Another side benefit is that family often comes to visit them in these faraway places. Louise and her late husband, Milton, once a research chemist for National Starch, were able to travel to Trinidad and Russia during their son’s assignments there.
“He was a wonderful person,” Louise says of Milton, who died in 2009, “and he encouraged his children to get out in the world.”
Pete Crowther, 46, graduated as valedictorian of North Rowan High School’s Class of 1983. He then majored in health and sports science at Wake Forest, earned his master’s in biomechanics at TCU and was going for his doctorate before that career path began losing its appeal.
Always interested in computers, Crowther took a job with a computer support company in Dallas, liked it and moved on to positions with EDS and Microsoft.
“There was so much opportunity to move up,” he says.
But when things began tapering off and Crowther saw he was only making lateral moves, he started looking for other career opportunities. At a job fair in Dallas, he walked up to the only booth without a line — the Foreign Service branch of the U.S. State Department.
Crowther enjoyed travel. He backpacked through Europe in his younger days and had gone to China and Thailand with some school friends. Not knowing what would come of it, he applied to the State Department for a computer support position.
It took a year before he was called to Washington in August 2002 for an interview. After he passed written and oral tests, the State Department placed him in its next class. By February 2003, he was on his first assignment to Trinidad, having survived all the background checks.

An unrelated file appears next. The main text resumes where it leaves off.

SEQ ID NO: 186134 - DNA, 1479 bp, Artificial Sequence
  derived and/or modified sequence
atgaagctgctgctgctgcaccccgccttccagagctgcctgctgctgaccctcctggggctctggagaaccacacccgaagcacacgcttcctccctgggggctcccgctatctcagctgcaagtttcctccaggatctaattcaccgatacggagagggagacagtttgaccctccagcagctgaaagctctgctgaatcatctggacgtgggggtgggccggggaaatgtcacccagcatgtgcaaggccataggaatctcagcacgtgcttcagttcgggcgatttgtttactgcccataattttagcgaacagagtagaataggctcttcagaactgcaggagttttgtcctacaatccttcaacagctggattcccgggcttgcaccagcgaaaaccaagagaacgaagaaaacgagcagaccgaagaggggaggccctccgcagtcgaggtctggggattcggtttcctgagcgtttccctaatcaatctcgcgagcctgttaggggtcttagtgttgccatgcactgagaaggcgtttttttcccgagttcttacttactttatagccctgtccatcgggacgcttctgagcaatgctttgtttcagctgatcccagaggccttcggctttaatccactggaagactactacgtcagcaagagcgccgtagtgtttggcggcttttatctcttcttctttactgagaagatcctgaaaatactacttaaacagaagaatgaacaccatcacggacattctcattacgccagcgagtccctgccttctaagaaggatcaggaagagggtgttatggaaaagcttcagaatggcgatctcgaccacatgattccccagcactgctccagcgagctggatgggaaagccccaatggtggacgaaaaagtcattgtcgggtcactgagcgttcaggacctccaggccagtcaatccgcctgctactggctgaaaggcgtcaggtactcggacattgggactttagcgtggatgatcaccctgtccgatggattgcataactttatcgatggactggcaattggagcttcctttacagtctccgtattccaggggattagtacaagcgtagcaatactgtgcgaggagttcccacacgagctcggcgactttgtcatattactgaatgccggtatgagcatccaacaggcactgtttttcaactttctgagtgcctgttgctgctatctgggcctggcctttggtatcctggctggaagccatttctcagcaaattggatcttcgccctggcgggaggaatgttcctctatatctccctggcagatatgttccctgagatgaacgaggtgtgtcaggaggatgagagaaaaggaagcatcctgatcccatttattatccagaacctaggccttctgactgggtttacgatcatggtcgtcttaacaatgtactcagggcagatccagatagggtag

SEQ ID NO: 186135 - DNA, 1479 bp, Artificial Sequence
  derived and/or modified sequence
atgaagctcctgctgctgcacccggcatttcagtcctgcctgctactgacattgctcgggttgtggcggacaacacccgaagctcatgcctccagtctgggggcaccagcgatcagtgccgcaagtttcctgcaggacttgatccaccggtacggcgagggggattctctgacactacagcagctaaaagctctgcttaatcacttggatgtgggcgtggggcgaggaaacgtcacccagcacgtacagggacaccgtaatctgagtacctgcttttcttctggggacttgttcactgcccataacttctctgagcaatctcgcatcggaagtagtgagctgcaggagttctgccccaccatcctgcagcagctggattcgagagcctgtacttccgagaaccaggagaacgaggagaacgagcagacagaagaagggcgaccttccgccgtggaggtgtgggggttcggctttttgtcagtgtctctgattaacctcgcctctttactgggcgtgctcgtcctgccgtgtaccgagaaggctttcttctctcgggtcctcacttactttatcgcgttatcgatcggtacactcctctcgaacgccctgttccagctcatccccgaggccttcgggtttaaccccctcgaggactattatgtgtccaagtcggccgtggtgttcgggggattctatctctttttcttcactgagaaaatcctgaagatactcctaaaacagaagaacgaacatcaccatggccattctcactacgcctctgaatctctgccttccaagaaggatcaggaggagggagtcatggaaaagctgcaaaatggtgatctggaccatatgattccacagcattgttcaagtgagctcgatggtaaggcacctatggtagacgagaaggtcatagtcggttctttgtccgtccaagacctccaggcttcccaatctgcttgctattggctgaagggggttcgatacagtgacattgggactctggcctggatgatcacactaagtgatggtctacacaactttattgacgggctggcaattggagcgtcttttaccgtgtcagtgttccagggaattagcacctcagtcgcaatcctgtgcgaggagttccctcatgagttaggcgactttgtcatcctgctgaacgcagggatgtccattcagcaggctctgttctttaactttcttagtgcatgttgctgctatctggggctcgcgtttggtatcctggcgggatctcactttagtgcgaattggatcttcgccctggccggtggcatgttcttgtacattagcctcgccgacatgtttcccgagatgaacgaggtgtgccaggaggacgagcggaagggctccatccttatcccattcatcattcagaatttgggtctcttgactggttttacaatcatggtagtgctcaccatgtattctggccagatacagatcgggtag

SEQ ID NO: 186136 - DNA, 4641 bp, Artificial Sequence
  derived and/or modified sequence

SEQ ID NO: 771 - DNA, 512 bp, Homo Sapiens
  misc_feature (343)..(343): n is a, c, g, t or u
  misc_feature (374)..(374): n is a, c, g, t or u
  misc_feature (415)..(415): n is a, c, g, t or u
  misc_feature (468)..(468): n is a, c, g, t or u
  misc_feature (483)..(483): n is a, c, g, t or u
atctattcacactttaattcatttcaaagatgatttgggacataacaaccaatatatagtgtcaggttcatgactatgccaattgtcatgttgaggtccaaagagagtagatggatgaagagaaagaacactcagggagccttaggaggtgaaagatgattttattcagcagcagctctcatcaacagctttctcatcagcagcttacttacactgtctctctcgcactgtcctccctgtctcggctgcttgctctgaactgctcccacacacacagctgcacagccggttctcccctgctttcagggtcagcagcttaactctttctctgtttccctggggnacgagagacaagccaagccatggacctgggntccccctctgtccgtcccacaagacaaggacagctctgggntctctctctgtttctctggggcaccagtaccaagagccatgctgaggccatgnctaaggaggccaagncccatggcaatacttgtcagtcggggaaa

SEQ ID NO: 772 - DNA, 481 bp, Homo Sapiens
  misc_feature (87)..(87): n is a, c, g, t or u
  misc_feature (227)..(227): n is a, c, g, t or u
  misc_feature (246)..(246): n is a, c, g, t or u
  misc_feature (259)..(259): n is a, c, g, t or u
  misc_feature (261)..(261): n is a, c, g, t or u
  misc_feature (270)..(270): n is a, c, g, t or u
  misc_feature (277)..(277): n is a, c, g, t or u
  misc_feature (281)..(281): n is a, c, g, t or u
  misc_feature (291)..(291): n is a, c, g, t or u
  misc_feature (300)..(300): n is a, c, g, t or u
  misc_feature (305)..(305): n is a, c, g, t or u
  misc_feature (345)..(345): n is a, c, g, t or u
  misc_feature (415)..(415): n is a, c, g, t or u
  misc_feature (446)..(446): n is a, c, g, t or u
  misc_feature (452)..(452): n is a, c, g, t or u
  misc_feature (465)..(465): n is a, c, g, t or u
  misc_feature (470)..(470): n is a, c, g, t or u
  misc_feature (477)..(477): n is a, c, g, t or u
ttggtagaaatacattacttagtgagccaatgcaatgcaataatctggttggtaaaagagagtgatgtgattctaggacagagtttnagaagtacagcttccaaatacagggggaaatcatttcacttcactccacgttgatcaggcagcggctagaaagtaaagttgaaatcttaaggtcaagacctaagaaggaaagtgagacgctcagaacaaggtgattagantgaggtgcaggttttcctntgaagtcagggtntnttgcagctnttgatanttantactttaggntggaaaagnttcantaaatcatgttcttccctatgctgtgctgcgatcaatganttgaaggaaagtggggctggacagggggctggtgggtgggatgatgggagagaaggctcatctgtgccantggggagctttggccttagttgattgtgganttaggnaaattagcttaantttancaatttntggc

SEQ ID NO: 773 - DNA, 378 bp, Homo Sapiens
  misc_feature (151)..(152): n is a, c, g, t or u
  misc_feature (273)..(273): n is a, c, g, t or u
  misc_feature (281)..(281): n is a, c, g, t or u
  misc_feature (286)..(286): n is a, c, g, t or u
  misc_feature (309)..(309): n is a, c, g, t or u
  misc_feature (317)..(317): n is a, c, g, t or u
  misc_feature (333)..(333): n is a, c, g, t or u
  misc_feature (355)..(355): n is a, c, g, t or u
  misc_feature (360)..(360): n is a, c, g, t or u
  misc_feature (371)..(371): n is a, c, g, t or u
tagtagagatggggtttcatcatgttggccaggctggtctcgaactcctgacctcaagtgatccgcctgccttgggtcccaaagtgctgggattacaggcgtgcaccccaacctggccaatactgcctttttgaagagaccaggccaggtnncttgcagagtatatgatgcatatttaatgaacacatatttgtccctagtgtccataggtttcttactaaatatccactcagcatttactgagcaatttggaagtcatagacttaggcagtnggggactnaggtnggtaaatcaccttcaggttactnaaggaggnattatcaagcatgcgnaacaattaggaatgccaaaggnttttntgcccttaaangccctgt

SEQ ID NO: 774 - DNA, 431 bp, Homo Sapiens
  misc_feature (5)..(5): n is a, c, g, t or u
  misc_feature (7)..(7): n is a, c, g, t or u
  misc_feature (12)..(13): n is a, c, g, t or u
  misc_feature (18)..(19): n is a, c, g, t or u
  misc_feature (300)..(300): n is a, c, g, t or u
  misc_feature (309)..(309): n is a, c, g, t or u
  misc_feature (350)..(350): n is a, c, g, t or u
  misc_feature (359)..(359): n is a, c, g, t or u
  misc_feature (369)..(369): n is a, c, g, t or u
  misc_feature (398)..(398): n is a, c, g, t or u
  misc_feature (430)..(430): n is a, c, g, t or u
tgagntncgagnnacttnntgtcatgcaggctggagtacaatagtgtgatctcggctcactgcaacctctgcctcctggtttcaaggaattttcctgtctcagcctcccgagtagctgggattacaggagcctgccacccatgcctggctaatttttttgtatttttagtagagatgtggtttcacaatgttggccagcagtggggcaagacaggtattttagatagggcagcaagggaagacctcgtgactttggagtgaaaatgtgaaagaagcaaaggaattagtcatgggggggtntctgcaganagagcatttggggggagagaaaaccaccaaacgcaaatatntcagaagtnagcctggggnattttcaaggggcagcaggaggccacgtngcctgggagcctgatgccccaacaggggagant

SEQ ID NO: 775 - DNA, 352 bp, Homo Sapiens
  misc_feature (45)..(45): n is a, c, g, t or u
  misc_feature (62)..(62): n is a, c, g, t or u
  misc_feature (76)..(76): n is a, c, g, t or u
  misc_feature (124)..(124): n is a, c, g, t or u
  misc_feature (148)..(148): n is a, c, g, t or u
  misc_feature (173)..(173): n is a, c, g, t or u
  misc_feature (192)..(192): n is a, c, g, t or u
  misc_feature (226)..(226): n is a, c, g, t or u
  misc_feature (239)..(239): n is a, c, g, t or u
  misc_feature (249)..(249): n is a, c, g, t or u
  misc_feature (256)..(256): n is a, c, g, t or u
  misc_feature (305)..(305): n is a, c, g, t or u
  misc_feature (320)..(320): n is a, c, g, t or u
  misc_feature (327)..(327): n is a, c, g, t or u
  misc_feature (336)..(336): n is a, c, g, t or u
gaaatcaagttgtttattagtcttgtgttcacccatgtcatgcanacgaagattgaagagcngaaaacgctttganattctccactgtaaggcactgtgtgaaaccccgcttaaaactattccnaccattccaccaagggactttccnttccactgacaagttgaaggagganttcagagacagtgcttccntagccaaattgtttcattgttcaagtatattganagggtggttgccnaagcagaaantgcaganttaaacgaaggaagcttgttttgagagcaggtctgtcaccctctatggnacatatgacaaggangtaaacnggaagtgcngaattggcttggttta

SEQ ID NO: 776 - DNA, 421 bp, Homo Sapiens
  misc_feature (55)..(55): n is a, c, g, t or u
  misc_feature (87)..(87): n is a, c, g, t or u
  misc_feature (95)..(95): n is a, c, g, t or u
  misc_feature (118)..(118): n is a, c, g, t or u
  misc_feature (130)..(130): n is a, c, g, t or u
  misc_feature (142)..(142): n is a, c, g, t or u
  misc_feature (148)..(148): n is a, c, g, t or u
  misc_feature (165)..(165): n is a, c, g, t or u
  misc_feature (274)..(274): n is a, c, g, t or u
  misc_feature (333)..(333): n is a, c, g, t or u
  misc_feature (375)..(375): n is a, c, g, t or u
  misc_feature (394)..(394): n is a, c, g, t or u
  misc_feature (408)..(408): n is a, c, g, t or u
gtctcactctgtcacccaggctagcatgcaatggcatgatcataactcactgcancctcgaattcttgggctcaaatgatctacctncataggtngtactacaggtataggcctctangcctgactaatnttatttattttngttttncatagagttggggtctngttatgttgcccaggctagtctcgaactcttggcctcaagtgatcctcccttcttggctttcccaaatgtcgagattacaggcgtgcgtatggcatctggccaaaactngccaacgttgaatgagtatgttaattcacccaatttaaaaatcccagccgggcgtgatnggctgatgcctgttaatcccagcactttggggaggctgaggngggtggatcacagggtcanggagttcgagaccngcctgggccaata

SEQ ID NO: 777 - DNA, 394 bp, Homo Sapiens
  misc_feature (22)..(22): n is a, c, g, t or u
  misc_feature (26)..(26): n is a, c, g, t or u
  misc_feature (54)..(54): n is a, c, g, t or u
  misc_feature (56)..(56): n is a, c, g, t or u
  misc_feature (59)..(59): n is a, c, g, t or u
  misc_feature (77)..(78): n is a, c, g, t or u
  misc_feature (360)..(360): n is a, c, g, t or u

During his foreign service, Crowther says his wife has had the tougher job, trying to adapt their family to each new country.
She grew up as a missionary’s daughter, spending many years in West Africa. While she was used to living in foreign lands, she was never used to the diplomatic-like lifestyle that came with Crowther’s State Department job.
“She has fit in well,”‘ Crowther says. “She has had to deal with the changes of foreign life more than I have.”
The job also has allowed the Crowther family to meet some important people, such as both the Bush presidents, plenty of congressmen and former Secretary of State Condoleezza Rice.
Crowther knows he’ll be assigned to Australia until September 2013, but his next world stop has yet to be decided. As he gains tenure, he is able to bid on the openings presented to him by the State Department.
In between assignments, State Department employees are given a two-month break. For some of those days, the Crowthers must stay in Washington while Pete sits in on more training. Otherwise, they spend time with family in North Carolina, Kansas and Texas,
Pete and his brother Joe, a Lutheran minister in Kansas, took time to hike Mount Kilimanjaro in Tanzania.
At the top, Pete spread some of the ashes of his father, Milton, the man who had always encouraged him to get out in the world.
Contact Mark Wineka at 704-797-4263, or mwineka@